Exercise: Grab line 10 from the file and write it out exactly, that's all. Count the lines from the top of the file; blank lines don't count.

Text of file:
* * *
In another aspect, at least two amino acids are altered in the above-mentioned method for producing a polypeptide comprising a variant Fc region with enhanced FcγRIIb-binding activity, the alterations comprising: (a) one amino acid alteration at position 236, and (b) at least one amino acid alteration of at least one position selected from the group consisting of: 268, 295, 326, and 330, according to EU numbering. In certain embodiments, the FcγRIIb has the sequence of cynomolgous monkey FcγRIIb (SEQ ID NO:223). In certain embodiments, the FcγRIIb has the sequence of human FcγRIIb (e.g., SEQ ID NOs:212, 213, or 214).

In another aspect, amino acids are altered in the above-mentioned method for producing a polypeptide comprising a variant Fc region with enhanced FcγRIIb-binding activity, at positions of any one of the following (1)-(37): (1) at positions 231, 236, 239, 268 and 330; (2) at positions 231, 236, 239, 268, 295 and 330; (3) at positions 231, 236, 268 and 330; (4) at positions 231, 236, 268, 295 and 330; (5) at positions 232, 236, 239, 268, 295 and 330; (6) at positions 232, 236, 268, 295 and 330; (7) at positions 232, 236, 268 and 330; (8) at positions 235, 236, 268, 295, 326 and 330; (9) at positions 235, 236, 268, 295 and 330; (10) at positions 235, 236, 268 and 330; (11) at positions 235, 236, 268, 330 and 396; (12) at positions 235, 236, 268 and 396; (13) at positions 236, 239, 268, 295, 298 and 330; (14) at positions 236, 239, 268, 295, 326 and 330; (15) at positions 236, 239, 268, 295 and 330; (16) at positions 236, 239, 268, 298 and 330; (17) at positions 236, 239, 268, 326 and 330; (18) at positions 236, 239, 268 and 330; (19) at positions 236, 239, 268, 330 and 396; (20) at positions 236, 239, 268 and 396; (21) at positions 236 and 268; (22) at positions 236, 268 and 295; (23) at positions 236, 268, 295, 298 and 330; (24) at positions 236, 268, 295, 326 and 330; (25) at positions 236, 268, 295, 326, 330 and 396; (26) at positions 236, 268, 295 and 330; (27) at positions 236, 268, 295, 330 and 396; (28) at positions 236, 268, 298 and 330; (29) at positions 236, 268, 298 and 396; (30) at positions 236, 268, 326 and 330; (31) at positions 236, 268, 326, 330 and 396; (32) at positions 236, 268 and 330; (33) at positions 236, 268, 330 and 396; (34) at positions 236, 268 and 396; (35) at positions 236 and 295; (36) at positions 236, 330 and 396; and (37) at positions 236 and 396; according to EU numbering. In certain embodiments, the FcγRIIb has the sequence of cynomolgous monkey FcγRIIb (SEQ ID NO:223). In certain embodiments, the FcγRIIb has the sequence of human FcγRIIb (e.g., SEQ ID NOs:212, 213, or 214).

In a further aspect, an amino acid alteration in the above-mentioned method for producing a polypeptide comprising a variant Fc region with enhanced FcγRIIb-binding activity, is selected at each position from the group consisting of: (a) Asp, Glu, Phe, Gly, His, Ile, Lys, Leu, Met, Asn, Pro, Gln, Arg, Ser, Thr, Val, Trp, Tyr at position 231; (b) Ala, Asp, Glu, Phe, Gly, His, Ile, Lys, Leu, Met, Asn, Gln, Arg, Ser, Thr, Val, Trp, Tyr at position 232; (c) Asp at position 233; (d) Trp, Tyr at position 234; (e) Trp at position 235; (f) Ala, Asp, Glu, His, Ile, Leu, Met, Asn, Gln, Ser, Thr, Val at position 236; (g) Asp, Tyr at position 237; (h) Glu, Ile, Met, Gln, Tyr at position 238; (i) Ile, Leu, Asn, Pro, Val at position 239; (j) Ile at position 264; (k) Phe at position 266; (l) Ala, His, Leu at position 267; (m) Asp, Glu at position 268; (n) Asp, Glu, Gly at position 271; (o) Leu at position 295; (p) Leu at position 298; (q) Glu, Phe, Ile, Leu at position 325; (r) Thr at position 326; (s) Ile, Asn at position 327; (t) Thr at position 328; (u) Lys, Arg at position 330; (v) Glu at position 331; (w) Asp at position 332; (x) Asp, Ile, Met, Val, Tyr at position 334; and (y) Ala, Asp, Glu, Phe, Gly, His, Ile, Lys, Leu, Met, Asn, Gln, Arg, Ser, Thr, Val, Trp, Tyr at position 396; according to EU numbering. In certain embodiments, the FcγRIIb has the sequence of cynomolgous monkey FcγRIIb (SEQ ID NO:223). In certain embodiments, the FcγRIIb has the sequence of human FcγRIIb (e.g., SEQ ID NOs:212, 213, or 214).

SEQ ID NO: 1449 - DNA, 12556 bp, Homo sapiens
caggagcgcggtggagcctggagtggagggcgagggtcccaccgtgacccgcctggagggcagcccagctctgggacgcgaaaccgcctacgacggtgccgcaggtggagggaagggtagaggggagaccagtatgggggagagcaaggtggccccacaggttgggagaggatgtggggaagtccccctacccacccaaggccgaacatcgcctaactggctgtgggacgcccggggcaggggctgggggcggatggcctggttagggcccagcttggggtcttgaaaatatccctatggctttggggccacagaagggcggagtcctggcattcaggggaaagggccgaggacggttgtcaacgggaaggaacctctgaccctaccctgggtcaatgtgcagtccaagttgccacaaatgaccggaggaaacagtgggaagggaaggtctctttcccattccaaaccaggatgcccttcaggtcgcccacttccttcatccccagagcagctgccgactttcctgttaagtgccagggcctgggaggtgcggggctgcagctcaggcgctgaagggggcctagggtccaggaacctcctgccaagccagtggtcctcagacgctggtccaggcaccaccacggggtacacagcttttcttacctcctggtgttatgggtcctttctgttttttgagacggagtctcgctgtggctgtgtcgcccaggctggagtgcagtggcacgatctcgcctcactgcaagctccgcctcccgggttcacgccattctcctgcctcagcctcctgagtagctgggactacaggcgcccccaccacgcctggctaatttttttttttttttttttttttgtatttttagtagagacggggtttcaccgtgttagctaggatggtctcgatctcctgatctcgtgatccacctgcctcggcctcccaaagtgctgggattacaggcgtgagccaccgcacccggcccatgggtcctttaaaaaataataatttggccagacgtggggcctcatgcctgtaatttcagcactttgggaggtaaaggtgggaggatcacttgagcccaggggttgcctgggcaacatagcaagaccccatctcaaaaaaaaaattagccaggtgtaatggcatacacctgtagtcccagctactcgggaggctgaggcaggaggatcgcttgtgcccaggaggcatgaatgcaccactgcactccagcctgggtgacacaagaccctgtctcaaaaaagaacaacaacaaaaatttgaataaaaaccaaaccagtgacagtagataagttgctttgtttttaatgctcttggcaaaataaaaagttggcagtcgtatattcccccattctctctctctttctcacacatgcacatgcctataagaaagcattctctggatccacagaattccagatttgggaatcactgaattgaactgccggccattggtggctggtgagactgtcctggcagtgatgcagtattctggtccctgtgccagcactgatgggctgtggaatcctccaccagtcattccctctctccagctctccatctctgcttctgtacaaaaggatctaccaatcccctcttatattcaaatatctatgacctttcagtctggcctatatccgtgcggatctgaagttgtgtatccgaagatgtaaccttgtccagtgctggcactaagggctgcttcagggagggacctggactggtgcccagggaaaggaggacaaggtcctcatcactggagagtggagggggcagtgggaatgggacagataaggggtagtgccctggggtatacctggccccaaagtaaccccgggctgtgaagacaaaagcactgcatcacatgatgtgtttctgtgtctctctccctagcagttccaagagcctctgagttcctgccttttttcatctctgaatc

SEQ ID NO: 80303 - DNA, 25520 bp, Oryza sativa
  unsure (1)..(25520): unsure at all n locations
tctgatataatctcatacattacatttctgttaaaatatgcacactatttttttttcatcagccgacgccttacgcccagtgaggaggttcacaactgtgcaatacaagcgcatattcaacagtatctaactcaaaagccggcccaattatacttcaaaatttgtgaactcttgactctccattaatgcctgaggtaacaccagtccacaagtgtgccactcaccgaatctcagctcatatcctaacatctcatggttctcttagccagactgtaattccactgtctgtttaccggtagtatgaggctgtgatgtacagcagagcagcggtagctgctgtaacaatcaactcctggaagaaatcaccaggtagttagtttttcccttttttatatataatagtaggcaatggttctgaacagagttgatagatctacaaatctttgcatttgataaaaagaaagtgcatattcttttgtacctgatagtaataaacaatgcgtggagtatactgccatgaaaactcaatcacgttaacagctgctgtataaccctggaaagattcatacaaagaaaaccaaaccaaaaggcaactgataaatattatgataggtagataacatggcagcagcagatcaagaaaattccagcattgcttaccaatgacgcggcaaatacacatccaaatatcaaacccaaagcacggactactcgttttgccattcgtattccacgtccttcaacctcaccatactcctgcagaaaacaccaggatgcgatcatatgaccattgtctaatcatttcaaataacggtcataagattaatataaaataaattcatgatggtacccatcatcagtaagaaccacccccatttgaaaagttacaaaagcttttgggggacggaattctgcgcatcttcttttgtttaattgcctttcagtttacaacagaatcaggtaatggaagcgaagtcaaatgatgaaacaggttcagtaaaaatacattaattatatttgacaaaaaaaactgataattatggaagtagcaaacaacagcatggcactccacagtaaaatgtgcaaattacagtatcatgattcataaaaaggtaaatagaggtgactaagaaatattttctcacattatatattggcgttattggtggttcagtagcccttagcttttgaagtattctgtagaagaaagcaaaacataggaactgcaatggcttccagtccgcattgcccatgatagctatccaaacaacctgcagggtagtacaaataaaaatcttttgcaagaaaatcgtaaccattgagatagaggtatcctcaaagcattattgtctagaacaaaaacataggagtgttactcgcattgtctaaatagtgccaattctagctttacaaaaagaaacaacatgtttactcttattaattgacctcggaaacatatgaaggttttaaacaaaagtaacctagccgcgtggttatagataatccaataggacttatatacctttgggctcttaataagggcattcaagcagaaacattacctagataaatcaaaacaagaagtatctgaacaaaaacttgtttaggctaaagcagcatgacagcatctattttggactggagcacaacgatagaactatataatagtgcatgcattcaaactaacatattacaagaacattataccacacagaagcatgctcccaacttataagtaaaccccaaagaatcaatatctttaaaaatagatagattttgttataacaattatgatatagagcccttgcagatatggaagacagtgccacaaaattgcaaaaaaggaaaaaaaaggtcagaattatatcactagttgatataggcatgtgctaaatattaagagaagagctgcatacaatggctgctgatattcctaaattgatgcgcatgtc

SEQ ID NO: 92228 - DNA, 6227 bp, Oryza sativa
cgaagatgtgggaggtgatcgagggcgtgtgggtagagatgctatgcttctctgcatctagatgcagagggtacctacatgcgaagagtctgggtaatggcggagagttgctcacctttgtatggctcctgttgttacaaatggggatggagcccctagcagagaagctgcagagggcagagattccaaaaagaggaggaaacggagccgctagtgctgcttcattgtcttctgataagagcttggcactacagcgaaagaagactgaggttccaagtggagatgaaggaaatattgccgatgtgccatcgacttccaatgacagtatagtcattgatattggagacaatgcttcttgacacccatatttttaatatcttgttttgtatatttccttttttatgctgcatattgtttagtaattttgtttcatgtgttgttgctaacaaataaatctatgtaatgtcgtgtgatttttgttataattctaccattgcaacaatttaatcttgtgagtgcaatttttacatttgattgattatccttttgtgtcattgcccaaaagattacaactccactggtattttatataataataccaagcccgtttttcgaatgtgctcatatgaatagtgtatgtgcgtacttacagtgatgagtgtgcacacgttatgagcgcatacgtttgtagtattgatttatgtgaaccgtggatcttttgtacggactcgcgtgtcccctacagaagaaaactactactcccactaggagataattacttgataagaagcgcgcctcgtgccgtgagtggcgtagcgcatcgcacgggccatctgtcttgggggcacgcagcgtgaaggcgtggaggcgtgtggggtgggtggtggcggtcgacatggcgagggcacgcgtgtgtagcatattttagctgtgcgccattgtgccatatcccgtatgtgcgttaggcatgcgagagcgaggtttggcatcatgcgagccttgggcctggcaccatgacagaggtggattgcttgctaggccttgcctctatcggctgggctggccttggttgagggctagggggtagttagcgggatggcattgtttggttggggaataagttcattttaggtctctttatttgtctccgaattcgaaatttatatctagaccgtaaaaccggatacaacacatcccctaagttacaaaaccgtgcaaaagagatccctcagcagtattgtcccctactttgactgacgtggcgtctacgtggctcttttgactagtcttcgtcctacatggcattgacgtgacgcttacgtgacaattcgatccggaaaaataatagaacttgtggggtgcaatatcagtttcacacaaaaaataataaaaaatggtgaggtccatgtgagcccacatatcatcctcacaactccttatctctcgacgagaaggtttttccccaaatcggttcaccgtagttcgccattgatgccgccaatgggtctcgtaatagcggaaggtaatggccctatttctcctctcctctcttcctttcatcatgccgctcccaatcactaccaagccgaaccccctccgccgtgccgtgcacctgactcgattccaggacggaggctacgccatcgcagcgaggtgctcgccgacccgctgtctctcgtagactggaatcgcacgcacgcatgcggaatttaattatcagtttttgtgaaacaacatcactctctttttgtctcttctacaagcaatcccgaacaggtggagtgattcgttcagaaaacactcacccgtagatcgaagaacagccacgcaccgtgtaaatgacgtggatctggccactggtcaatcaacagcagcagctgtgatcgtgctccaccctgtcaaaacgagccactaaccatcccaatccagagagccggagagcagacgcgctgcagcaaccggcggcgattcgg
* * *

cgaagatgtgggaggtgatcgagggcgtgtgggtagagatgctatgcttctctgcatctagatgcagagggtacctacatgcgaagagtctgggtaatggcggagagttgctcacctttgtatggctcctgttgttacaaatggggatggagcccctagcagagaagctgcagagggcagagattccaaaaagaggaggaaacggagccgctagtgctgcttcattgtcttctgataagagcttggcactacagcgaaagaagactgaggttccaagtggagatgaaggaaatattgccgatgtgccatcgacttccaatgacagtatagtcattgatattggagacaatgcttcttgacacccatatttttaatatcttgttttgtatatttccttttttatgctgcatattgtttagtaattttgtttcatgtgttgttgctaacaaataaatctatgtaatgtcgtgtgatttttgttataattctaccattgcaacaatttaatcttgtgagtgcaatttttacatttgattgattatccttttgtgtcattgcccaaaagattacaactccactggtattttatataataataccaagcccgtttttcgaatgtgctcatatgaatagtgtatgtgcgtacttacagtgatgagtgtgcacacgttatgagcgcatacgtttgtagtattgatttatgtgaaccgtggatcttttgtacggactcgcgtgtcccctacagaagaaaactactactcccactaggagataattacttgataagaagcgcgcctcgtgccgtgagtggcgtagcgcatcgcacgggccatctgtcttgggggcacgcagcgtgaaggcgtggaggcgtgtggggtgggtggtggcggtcgacatggcgagggcacgcgtgtgtagcatattttagctgtgcgccattgtgccatatcccgtatgtgcgttaggcatgcgagagcgaggtttggcatcatgcgagccttgggcctggcaccatgacagaggtggattgcttgctaggccttgcctctatcggctgggctggccttggttgagggctagggggtagttagcgggatggcattgtttggttggggaataagttcattttaggtctctttatttgtctccgaattcgaaatttatatctagaccgtaaaaccggatacaacacatcccctaagttacaaaaccgtgcaaaagagatccctcagcagtattgtcccctactttgactgacgtggcgtctacgtggctcttttgactagtcttcgtcctacatggcattgacgtgacgcttacgtgacaattcgatccggaaaaataatagaacttgtggggtgcaatatcagtttcacacaaaaaataataaaaaatggtgaggtccatgtgagcccacatatcatcctcacaactccttatctctcgacgagaaggtttttccccaaatcggttcaccgtagttcgccattgatgccgccaatgggtctcgtaatagcggaaggtaatggccctatttctcctctcctctcttcctttcatcatgccgctcccaatcactaccaagccgaaccccctccgccgtgccgtgcacctgactcgattccaggacggaggctacgccatcgcagcgaggtgctcgccgacccgctgtctctcgtagactggaatcgcacgcacgcatgcggaatttaattatcagtttttgtgaaacaacatcactctctttttgtctcttctacaagcaatcccgaacaggtggagtgattcgttcagaaaacactcacccgtagatcgaagaacagccacgcaccgtgtaaatgacgtggatctggccactggtcaatcaacagcagcagctgtgatcgtgctccaccctgtcaaaacgagccactaaccatcccaatccagagagccggagagcagacgcgctgcagcaaccggcggcgattcgg